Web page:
Paper argues that legal immigration levels should be increased to prevent the dire economic consequences of falling birth rates and a rapidly aging population

The U.S. population is aging at a high rate, and immigration policy can be used more strategically to offset the harmful socioeconomic consequences of this “societal restructuring.” This is the argument behind a study published by the National Immigration Forum. Using Census and other data, the report finds that nearly one in four Americans is projected to be 65 years or older by 2060, amounting to nearly twice today’s senior population. Additionally, whereas there were 6.4 working-age adults per adult of retirement age in 1965, that number today is just 3.5. Apart from the impact this imbalance has on the need for greater healthcare and human services, the report states that demographic aging is also likely to significantly reduce consumption, savings, public social expenditure, human capital and overall economic dynamism, driving a reduction in per-capita income for the country as a whole. The authors advocate for an immigration system that can respond to these changing trends, build a robust economy, and ensure a bright future for all Americans. They calculate that a 37 percent increase in net immigration  (approximately 370,000 additional immigrants a year) will help prevent the U.S. from falling into demographic deficit and socioeconomic decline. To bolster their argument and counter possible objections, the authors point to the U.S.’s long history of successfully integrating immigrants and, in a subsection entitled “Engaging Potential Criticisms,” note that recent polling shows that a majority of Americans believe immigration is “good for the country.” In order to address the demographic deficit, the authors recommend that Congress should pass legislation to increase immigration levels by at least one-third and should utilize demographic impact analyses in crafting immigration reform proposals. They also believe that both the public and private sectors should actively promote immigrant integration. (Denzil Mohammed for The Immigrant Learning Center’s Public Education Institute)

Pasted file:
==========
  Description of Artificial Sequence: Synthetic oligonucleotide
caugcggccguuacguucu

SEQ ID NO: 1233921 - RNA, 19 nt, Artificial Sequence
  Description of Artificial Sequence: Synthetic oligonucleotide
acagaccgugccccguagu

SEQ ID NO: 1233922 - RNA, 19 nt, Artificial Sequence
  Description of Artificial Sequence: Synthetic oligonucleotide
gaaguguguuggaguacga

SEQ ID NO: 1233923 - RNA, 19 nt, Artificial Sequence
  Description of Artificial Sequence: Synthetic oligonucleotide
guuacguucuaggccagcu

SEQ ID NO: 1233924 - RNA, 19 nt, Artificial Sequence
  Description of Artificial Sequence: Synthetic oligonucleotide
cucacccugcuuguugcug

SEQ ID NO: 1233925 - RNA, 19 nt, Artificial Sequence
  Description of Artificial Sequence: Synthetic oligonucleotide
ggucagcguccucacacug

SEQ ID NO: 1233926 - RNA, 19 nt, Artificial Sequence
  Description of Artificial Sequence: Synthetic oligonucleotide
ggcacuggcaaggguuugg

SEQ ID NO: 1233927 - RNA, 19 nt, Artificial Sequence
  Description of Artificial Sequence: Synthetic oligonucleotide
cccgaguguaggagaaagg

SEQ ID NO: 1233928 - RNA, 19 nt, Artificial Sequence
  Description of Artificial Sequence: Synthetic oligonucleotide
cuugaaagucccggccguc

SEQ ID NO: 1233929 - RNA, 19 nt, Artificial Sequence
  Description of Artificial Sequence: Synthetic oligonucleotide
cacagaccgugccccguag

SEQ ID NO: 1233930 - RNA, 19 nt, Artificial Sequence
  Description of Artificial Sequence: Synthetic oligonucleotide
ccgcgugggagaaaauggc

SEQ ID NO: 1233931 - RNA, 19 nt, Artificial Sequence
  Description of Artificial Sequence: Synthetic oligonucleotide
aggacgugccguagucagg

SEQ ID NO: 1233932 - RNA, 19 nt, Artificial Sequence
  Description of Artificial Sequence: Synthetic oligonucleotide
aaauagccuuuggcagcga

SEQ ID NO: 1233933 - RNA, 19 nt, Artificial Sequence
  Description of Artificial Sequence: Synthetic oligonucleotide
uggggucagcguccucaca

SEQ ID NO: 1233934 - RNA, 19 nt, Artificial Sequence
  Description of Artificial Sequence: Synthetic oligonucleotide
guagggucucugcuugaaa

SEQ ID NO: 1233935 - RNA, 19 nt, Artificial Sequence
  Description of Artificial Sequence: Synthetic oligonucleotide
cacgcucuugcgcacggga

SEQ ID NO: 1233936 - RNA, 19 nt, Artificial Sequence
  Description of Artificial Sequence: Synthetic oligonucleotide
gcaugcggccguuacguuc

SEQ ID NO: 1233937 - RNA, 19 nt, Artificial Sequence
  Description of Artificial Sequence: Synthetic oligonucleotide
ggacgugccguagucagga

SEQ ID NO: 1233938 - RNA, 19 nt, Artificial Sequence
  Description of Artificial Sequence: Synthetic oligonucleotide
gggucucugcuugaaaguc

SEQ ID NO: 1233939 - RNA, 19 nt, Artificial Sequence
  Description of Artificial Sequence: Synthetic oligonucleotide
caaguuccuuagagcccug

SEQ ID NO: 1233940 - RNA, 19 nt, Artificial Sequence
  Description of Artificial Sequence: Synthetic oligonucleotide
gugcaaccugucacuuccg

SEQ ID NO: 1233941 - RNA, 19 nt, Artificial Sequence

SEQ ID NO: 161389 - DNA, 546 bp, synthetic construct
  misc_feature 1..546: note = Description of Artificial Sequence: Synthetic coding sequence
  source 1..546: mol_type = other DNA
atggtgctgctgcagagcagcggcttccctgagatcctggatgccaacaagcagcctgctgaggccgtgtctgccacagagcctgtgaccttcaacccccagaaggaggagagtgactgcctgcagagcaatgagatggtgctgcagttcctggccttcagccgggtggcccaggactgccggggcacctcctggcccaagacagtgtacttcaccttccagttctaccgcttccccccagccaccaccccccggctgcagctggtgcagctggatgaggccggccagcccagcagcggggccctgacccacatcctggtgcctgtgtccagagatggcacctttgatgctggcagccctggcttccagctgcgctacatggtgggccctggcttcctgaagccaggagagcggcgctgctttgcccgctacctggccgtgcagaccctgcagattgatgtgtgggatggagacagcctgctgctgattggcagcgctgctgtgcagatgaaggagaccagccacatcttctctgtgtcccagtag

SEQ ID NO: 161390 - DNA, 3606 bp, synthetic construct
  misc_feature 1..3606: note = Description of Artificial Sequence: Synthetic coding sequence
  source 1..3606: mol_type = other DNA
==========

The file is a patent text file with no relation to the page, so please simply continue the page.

Room to Grow: Setting Immigration Levels in a Changing America
National Immigration Forum, February 3, 2021
Authors: Ali Noorani & Danilo Zak